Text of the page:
Emory’s Nell Hodgson Woodruff School of Nursing simplified its application requirements for students matriculating from Emory or Oxford College this fall.
In the past, students needed to submit three letters of recommendation, write an essay and take an exam following their sophomore year in the College, said Lynell Cadray, associate dean of enrollment and student affairs at the nursing school.
Now, students will automatically be admitted to the school after completing an informal application, earning a minimum of 60-credit hours – excluding Physical Education classes – at Emory College or Oxford College and earning at least a “C” in prerequisite courses.
The nursing school requires students to take several prerequisite courses in health, science and math, as well as at least seven humanities and social sciences courses, two of which must be writing-intensive.
While the admissions requirements are changing, the school still expects students to complete the program in four semesters of full-time enrollment and graduate with a Bachelor of Science in Nursing, according to the school’s website.
Cadray said the School of Nursing’s administration believes Emory students are among “the best and brightest” and thus prefer that students focus on real-life liberal arts skills in their first two years in college rather than stressing about deadlines and “complex admission” processes.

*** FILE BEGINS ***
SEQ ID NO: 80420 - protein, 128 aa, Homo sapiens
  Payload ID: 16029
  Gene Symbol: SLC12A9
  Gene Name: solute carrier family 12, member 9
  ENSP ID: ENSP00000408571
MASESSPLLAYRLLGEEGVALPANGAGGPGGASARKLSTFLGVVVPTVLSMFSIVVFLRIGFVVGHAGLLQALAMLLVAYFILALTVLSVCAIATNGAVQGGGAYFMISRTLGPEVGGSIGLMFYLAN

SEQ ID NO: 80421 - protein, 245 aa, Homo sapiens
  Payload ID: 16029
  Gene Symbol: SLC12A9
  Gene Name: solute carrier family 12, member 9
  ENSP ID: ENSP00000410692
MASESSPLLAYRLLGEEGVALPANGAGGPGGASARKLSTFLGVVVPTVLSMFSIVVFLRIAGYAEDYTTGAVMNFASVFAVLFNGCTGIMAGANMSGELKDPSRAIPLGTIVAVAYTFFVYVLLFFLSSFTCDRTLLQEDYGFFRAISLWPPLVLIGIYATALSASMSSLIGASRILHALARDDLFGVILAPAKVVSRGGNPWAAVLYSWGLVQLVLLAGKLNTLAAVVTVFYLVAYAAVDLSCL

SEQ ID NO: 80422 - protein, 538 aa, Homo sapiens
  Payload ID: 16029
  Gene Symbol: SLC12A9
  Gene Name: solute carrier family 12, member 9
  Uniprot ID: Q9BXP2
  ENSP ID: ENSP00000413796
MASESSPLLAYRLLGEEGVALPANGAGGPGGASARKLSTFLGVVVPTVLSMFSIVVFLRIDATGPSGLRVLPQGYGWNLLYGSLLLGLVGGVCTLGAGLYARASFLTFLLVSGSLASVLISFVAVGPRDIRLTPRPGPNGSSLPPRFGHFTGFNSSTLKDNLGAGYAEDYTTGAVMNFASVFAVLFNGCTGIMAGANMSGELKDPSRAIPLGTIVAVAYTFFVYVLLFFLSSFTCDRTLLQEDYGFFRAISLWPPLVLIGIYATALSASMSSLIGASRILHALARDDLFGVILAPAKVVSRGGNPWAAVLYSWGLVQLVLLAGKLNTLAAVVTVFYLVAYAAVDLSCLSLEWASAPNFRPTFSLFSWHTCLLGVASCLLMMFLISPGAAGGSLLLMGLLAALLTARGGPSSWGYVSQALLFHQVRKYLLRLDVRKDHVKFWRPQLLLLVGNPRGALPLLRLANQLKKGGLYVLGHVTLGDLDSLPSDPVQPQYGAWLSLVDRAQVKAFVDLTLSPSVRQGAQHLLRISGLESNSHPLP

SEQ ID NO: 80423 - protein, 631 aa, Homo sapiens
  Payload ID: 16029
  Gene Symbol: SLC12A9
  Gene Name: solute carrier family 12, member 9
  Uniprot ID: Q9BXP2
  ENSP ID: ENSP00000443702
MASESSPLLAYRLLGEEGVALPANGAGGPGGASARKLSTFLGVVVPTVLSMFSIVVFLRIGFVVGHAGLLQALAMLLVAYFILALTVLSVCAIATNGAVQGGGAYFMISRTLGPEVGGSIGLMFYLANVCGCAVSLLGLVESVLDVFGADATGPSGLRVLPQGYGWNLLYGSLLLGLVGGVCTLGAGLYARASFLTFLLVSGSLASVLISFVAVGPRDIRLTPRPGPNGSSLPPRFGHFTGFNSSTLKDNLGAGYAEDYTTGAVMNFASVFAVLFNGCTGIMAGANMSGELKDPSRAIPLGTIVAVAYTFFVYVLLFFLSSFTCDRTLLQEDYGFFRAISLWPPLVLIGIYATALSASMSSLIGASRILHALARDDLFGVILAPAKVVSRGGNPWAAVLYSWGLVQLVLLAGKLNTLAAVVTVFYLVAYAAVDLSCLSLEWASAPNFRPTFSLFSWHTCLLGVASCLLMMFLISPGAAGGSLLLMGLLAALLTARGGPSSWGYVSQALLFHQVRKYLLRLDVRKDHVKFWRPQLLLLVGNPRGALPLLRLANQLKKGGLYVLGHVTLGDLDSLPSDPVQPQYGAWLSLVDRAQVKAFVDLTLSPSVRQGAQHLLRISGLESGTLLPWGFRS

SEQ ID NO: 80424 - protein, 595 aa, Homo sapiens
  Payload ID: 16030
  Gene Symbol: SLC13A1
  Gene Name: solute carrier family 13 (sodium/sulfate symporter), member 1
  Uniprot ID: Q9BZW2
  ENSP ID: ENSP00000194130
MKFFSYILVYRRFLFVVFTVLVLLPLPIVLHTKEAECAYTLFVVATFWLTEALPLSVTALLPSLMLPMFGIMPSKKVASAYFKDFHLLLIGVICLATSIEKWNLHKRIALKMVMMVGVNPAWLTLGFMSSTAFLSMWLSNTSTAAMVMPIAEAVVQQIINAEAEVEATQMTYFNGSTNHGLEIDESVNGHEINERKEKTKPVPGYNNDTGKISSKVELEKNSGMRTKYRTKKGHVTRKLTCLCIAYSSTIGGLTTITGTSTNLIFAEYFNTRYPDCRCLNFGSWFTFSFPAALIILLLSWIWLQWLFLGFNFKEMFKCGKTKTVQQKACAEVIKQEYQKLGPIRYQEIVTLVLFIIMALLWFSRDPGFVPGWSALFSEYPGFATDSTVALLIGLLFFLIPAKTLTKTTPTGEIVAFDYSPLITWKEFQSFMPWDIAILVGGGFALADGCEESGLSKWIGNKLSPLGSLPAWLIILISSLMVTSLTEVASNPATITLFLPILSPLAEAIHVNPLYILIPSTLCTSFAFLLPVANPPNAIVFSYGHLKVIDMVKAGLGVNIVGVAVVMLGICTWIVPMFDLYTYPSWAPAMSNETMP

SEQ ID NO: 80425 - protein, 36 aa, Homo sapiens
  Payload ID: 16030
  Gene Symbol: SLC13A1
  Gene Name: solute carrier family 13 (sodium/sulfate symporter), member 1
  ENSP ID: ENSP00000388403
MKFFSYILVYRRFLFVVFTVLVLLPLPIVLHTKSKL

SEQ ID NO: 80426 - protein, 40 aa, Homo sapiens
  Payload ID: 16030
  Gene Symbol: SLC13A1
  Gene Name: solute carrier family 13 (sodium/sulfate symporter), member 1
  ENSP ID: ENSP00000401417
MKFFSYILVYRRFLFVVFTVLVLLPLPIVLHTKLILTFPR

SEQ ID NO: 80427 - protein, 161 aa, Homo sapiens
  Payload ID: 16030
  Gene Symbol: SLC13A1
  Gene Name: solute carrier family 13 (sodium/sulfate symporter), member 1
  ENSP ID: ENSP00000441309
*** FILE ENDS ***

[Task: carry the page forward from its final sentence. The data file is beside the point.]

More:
Furthermore, Cadray said she hopes that this simplified process will attract more Emory students to the program than the current one-third of Emory undergraduate students who enroll in the School of Nursing.
College sophomore and pre-nursing student Jamie Li said she feels the changes “make sense.” The fact that she was accepted into Emory should be enough to qualify her for the pre-nursing track and “an entirely new application seemed a little unnecessary,” she said.
“The pre-reqs are so specific for nursing that to switch to a different major at the end of sophomore year would be very difficult” if one did not get accepted into the school, she said.
While College sophomore and pre-nursing student Emily Dixon also said she believes the changes will “attract more students to enter the nursing program,” she added that the change has caused some confusion for current sophomores as they are “on a very different track due to the old requirements.”
Current sophomores are, however, meant to “follow old guidelines,” Dixon said.
– By Naomi Maisel